language = "English",
volume = "59",
pages = "82–89",
journal = "Seizure - European Journal of Epilepsy",
issn = "1059-1311",
publisher = "Elsevier",

}

The preconception care experiences of women with epilepsy on sodium valproate. / Lawther, Lorna; Dolk, Helen; Sinclair, Marlene; morrow, jim.

In: Seizure - European Journal of Epilepsy, Vol. 59, 04.05.2018, p. 82–89.

Research output: Contribution to journalArticle

TY - JOUR

T1 - The preconception care experiences of women with epilepsy on sodium valproate

AU - Lawther, Lorna

AU - Dolk, Helen

AU - Sinclair, Marlene

AU - morrow, jim

PY - 2018/5/4

Y1 - 2018/5/4

N2 - Purpose: To understand the preconception experiences of women with epilepsy who have been taking theteratogenic drug valproate.Methods: Seven women were recruited, three from a preconception clinic and four from an antenatalclinic in a region of the UK. All had taken valproate preconceptionally. Three preconception clinicencounters were observed and audio-recorded. Interviews with all women were analysed usingInterpretative Phenomenological Analysis (IPA).Results: Women experienced a “trajectory of balance”. Women moved from “maintaining balance” byusing valproate to control seizures, to a “shattering of harmony” at the prospect of changing medicationand as a result of the physical and mental effects of changing medication, to “restoring balance” whichcould involve “a new self” due to dramatic changes. Women balanced their health needs with those oftheir baby, and took responsibility for medication decision-making. They found it difficult to see “who islooking after me” in the healthcare system, either to access preconception care, or to support themthrough the stress of changing medication. Their journey ended with coming to terms with a variety ofexperiences: choosing not to have a baby due to unsuccessful change from valproate, recognising that achild from a previous pregnancy had been harmed by valproate or that the current pregnancy might be atrisk, or successful medication change in preparation for pregnancy.Conclusion: A clear and adequately funded preconception care pathway is needed from epilepsydiagnosis, including support for stress. Understanding what influences maternalisation may helpunderstand uptake of preconception care.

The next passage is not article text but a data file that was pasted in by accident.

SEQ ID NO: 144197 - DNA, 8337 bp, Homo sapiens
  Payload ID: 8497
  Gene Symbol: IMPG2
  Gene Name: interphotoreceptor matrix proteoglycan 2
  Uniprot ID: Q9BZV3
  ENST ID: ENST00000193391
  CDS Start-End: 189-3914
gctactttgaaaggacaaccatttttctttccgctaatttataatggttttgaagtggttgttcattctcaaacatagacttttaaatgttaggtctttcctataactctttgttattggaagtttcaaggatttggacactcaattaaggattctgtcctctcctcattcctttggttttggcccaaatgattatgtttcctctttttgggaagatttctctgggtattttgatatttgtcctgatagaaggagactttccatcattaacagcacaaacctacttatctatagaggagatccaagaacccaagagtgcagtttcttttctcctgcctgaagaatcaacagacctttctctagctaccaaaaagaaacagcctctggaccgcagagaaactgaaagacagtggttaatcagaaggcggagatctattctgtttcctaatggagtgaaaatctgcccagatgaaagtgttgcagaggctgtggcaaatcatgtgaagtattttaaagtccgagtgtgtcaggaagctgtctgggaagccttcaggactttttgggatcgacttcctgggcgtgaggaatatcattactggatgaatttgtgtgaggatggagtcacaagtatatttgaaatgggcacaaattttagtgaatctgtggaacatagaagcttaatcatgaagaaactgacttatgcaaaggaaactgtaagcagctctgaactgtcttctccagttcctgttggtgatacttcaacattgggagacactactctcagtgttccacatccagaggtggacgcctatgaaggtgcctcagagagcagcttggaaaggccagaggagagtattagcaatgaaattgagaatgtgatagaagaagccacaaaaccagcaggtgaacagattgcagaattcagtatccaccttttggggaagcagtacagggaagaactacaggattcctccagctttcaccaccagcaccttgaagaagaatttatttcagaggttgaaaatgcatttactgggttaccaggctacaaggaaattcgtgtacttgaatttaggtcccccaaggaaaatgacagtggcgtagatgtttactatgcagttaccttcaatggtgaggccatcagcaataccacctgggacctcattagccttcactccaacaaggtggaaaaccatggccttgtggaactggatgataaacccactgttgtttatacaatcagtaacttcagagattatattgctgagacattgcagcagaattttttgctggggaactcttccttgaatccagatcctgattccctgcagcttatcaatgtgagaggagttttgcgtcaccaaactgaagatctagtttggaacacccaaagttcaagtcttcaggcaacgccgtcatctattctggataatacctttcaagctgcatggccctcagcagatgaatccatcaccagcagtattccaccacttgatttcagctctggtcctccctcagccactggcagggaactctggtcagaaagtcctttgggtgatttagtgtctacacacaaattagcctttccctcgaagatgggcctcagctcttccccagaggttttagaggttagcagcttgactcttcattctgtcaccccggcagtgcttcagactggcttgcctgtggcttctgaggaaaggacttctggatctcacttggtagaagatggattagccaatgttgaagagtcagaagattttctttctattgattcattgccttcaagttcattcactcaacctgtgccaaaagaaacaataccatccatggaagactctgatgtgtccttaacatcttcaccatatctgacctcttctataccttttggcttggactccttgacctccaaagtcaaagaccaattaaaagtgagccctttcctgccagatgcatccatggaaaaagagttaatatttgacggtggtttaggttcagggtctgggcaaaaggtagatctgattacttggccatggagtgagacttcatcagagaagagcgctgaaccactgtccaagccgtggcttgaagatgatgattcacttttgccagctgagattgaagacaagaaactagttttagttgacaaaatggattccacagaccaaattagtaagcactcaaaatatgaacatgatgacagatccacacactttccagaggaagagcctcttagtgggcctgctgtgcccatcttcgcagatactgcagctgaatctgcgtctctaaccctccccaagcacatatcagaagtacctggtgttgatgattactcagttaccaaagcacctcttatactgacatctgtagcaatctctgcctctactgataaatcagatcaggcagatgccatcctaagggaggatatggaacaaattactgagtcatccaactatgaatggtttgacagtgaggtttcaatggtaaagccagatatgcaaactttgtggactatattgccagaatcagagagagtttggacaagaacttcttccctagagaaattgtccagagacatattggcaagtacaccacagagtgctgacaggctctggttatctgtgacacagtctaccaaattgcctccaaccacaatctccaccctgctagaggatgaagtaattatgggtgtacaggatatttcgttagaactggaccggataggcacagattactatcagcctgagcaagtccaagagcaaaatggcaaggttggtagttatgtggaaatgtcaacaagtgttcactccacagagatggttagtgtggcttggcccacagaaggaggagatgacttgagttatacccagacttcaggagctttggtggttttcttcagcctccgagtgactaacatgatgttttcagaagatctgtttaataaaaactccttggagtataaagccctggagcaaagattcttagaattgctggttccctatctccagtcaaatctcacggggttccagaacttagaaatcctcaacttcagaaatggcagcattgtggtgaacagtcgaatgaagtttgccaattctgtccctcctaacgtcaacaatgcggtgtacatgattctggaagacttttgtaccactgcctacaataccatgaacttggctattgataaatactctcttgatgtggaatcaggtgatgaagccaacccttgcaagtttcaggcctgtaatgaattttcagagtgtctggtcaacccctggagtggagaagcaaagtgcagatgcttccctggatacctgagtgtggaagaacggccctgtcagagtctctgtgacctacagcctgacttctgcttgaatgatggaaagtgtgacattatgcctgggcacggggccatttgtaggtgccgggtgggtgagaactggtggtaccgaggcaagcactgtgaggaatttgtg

AB - Purpose: To understand the preconception experiences of women with epilepsy who have been taking theteratogenic drug valproate.Methods: Seven women were recruited, three from a preconception clinic and four from an antenatalclinic in a region of the UK. All had taken valproate preconceptionally. Three preconception clinicencounters were observed and audio-recorded. Interviews with all women were analysed usingInterpretative Phenomenological Analysis (IPA).Results: Women experienced a “trajectory of balance”. Women moved from “maintaining balance” byusing valproate to control seizures, to a “shattering of harmony” at the prospect of changing medicationand as a result of the physical and mental effects of changing medication, to “restoring balance” whichcould involve “a new self” due to dramatic changes. Women balanced their health needs with those oftheir baby, and took responsibility for medication decision-making. They found it difficult to see “who islooking after me” in the healthcare system, either to access preconception care, or to support themthrough the stress of changing medication. Their journey ended with coming to terms with a variety ofexperiences: choosing not to have a baby due to unsuccessful change from valproate, recognising that achild from a previous pregnancy had been harmed by valproate or that the current pregnancy might be atrisk, or successful medication change in preparation for pregnancy.Conclusion: A clear and adequately funded preconception care pathway is needed from epilepsydiagnosis, including support for stress. Understanding what influences maternalisation may helpunderstand uptake of preconception care.

KW - Epilepsy

KW - Sodium valproate

KW - Preconception care

KW - Decision-making

KW - Pregnancy

KW - Interpretative phenomenological analysis

U2 - 10.1016/j.seizure.2018.05.003

DO - 10.1016/j.seizure.2018.05.003

M3 - Article

VL - 59

SP - 82

EP - 89

JO - Seizure - European Journal of Epilepsy

T2 - Seizure - European Journal of Epilepsy

JF - Seizure - European Journal of Epilepsy

SN - 1059-1311

ER -